Days: MO WE  11:00-12:20 PM

Courses Offered by Global Middle East Studies or other Schools at UCI

Fall Quarter (F20)

Dept Course No., Title   Instructor
GLBL ME (F20)60A  HUM&ART PROB&METHODLE VINE, M.

Emphasis/Category: Histories, Cultures, and Identities
Introduces students to the broad set of humanities and arts approaches to studying the Middle East as a global zone of cultural, political, and economic interaction.
Days: WE  05:00-07:50 PM

ANTHRO (F20)125Z  ISLAM IN AMERICAHAMDY, S

Emphasis/Category: Histories, Cultures, and Identities, Geographies, Migrations, and Politics
"This course explores the multiple identities of Muslims in North America, focusing on the diversity within the ""community.""   Please note that it is not a course on Islam or on solely religious identities, although Islam may indeed be an important component of identity for many Muslims.   As sacred texts and believers move across national boundaries, and as people indigenous to one place convert to religions coming from other places, transformations of religions and personal identities inevitably occur.  We will talk about identities in ways that emphasize instability, construction in context, and reinterpretations of the past in the present.  In North America, there are Muslims of many national, ethnic, racial, and/or class origins; gender and generational differences are also important.  We rely on lectures, readings, films, and class discussion, with teams doing short research projects and reporting to the class in the final weeks."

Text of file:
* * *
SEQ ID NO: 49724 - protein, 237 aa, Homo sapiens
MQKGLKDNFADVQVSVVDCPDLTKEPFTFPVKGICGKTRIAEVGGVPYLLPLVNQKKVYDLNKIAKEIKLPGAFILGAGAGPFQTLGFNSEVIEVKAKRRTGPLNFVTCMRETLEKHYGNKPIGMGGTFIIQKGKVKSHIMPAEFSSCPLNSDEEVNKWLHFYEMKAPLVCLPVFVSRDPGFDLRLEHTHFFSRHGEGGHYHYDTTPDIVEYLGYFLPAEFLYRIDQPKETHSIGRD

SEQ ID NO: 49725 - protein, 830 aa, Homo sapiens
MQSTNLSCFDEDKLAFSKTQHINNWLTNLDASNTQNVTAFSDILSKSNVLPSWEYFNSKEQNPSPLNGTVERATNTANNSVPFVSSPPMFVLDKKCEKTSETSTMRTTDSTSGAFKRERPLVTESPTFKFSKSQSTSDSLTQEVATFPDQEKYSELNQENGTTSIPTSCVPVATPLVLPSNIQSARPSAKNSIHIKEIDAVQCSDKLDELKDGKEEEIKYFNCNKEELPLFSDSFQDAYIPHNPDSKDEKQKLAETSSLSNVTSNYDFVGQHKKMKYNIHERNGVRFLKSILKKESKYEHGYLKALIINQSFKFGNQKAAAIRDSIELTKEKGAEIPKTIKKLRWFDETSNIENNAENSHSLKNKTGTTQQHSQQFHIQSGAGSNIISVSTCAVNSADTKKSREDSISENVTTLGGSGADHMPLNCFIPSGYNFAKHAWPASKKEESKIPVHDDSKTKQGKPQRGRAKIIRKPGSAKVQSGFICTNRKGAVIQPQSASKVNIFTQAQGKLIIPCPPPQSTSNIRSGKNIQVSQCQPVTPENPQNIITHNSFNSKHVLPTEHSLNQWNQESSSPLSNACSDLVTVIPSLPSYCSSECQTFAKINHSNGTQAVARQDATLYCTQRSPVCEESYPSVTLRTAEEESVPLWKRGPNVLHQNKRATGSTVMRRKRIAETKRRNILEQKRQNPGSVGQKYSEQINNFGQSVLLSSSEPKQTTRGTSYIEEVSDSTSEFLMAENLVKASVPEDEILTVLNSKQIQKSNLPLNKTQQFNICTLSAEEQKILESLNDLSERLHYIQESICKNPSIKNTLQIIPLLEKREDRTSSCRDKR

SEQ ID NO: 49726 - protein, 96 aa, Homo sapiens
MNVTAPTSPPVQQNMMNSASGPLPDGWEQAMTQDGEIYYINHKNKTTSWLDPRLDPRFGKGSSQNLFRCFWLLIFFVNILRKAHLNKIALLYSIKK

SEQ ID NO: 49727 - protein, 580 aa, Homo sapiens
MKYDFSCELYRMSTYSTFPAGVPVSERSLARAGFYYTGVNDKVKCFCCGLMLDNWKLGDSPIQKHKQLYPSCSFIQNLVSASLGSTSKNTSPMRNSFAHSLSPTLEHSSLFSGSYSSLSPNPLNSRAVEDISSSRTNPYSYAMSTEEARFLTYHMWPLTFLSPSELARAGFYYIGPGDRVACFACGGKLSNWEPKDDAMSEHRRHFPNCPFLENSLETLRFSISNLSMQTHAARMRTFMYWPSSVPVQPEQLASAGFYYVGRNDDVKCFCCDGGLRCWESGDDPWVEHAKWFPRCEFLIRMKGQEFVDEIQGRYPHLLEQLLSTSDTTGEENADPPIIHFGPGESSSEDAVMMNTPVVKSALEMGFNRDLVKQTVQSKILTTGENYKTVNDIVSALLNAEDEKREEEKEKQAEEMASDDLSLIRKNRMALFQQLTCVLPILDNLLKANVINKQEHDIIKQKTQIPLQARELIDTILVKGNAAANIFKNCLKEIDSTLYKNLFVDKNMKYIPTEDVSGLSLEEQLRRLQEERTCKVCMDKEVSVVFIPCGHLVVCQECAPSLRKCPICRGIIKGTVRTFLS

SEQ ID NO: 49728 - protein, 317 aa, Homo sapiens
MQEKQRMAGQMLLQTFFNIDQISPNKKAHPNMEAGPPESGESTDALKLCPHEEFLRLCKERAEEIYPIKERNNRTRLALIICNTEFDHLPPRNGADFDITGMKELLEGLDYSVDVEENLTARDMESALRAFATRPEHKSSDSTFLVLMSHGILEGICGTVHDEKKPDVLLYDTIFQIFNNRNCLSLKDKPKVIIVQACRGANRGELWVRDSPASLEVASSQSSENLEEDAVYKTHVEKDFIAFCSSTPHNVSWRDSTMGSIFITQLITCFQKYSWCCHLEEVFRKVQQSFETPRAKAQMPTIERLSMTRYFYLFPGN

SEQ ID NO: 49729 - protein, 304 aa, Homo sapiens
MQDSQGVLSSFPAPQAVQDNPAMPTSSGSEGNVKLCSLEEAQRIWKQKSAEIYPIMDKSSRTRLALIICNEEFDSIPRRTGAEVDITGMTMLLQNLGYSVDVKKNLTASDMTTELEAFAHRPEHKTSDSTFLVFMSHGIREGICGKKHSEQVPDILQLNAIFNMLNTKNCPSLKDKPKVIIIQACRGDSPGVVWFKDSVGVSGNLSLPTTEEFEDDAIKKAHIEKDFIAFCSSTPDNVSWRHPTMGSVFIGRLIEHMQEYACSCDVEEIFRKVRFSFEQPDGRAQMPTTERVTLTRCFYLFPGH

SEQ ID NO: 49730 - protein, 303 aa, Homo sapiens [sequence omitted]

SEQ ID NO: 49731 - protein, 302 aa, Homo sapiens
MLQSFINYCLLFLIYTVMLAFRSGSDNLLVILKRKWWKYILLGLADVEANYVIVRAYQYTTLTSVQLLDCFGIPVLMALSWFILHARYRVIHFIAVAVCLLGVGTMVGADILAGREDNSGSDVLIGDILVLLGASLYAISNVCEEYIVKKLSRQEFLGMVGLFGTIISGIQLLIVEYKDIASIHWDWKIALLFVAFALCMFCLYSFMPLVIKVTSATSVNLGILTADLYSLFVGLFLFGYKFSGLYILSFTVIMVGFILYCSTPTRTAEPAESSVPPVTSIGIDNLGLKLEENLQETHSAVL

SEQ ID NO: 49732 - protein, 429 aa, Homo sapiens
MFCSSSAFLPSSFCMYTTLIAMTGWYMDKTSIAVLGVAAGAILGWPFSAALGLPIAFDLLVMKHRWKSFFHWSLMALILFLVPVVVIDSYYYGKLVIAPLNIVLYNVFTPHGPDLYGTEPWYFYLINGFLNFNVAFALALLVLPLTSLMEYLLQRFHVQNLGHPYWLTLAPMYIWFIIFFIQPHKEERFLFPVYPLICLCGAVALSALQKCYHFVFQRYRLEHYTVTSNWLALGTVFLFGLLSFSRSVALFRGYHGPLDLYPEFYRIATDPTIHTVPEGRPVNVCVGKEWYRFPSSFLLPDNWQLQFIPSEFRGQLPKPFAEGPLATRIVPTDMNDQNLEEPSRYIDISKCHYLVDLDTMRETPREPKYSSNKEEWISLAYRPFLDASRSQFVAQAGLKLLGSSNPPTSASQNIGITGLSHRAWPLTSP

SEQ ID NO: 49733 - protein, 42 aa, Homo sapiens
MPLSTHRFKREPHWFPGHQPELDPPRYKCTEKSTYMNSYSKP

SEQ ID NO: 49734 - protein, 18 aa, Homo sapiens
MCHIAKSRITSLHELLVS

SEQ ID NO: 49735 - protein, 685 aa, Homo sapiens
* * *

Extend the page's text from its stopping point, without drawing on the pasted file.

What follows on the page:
Days: TTH  09:30-10:50 AM

ANTHRO (F20)136G  COLONIALISM/GENDERFLETCHER, E.

Emphasis/Category: Histories, Cultures, and Identities, Environment, Economies, and Conflicts
An anthropological enquiry into the ways colonial relations of power have been structured and gendered throughout the world, and to what effect. Examines the social locations of men and women in the everyday exercise of colonial and imperial power.
Days: TH  07:00-09:50 PM